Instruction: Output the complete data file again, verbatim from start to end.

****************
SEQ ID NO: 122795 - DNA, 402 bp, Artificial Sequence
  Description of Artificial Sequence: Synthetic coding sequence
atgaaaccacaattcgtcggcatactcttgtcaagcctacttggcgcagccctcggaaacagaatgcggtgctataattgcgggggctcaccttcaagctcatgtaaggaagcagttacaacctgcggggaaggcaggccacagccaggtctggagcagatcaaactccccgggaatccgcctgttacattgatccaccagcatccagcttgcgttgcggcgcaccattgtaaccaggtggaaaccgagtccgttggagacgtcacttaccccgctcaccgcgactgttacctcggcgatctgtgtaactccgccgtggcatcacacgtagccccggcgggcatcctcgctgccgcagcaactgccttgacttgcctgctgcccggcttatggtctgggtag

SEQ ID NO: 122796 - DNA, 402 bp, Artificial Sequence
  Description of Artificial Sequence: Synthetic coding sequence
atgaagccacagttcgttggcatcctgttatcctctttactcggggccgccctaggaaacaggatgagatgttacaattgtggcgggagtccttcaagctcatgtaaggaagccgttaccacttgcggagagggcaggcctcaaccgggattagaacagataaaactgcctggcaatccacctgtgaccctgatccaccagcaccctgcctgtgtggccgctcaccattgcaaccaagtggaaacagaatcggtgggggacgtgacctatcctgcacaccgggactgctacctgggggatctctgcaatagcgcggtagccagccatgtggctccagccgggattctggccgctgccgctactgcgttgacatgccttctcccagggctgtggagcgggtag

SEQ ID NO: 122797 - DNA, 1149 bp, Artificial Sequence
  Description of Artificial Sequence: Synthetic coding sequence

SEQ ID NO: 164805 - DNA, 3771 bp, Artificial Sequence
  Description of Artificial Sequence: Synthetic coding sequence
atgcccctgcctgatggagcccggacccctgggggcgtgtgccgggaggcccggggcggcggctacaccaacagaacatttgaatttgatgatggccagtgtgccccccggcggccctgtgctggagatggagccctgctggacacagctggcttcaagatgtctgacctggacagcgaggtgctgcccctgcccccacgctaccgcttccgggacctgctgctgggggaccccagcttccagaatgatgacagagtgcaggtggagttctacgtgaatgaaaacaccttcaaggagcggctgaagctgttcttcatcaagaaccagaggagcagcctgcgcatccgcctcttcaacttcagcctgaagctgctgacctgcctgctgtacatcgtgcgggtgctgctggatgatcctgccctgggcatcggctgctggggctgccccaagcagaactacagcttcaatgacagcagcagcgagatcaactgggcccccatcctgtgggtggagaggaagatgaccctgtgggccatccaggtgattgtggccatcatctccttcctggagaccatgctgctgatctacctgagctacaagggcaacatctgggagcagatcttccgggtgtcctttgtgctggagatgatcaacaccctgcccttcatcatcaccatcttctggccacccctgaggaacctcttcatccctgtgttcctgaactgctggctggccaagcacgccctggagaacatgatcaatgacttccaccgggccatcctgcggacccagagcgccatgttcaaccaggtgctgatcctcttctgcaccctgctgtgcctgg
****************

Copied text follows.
SEQ ID NO: 122795 - DNA, 402 bp, Artificial Sequence
  Description of Artificial Sequence: Synthetic coding sequence
atgaaaccacaattcgtcggcatactcttgtcaagcctacttggcgcagccctcggaaacagaatgcggtgctataattgcgggggctcaccttcaagctcatgtaaggaagcagttacaacctgcggggaaggcaggccacagccaggtctggagcagatcaaactccccgggaatccgcctgttacattgatccaccagcatccagcttgcgttgcggcgcaccattgtaaccaggtggaaaccgagtccgttggagacgtcacttaccccgctcaccgcgactgttacctcggcgatctgtgtaactccgccgtggcatcacacgtagccccggcgggcatcctcgctgccgcagcaactgccttgacttgcctgctgcccggcttatggtctgggtag

SEQ ID NO: 122796 - DNA, 402 bp, Artificial Sequence
  Description of Artificial Sequence: Synthetic coding sequence
atgaagccacagttcgttggcatcctgttatcctctttactcggggccgccctaggaaacaggatgagatgttacaattgtggcgggagtccttcaagctcatgtaaggaagccgttaccacttgcggagagggcaggcctcaaccgggattagaacagataaaactgcctggcaatccacctgtgaccctgatccaccagcaccctgcctgtgtggccgctcaccattgcaaccaagtggaaacagaatcggtgggggacgtgacctatcctgcacaccgggactgctacctgggggatctctgcaatagcgcggtagccagccatgtggctccagccgggattctggccgctgccgctactgcgttgacatgccttctcccagggctgtggagcgggtag

SEQ ID NO: 122797 - DNA, 1149 bp, Artificial Sequence
  Description of Artificial Sequence: Synthetic coding sequence

SEQ ID NO: 164805 - DNA, 3771 bp, Artificial Sequence
  Description of Artificial Sequence: Synthetic coding sequence
atgcccctgcctgatggagcccggacccctgggggcgtgtgccgggaggcccggggcggcggctacaccaacagaacatttgaatttgatgatggccagtgtgccccccggcggccctgtgctggagatggagccctgctggacacagctggcttcaagatgtctgacctggacagcgaggtgctgcccctgcccccacgctaccgcttccgggacctgctgctgggggaccccagcttccagaatgatgacagagtgcaggtggagttctacgtgaatgaaaacaccttcaaggagcggctgaagctgttcttcatcaagaaccagaggagcagcctgcgcatccgcctcttcaacttcagcctgaagctgctgacctgcctgctgtacatcgtgcgggtgctgctggatgatcctgccctgggcatcggctgctggggctgccccaagcagaactacagcttcaatgacagcagcagcgagatcaactgggcccccatcctgtgggtggagaggaagatgaccctgtgggccatccaggtgattgtggccatcatctccttcctggagaccatgctgctgatctacctgagctacaagggcaacatctgggagcagatcttccgggtgtcctttgtgctggagatgatcaacaccctgcccttcatcatcaccatcttctggccacccctgaggaacctcttcatccctgtgttcctgaactgctggctggccaagcacgccctggagaacatgatcaatgacttccaccgggccatcctgcggacccagagcgccatgttcaaccaggtgctgatcctcttctgcaccctgctgtgcctgg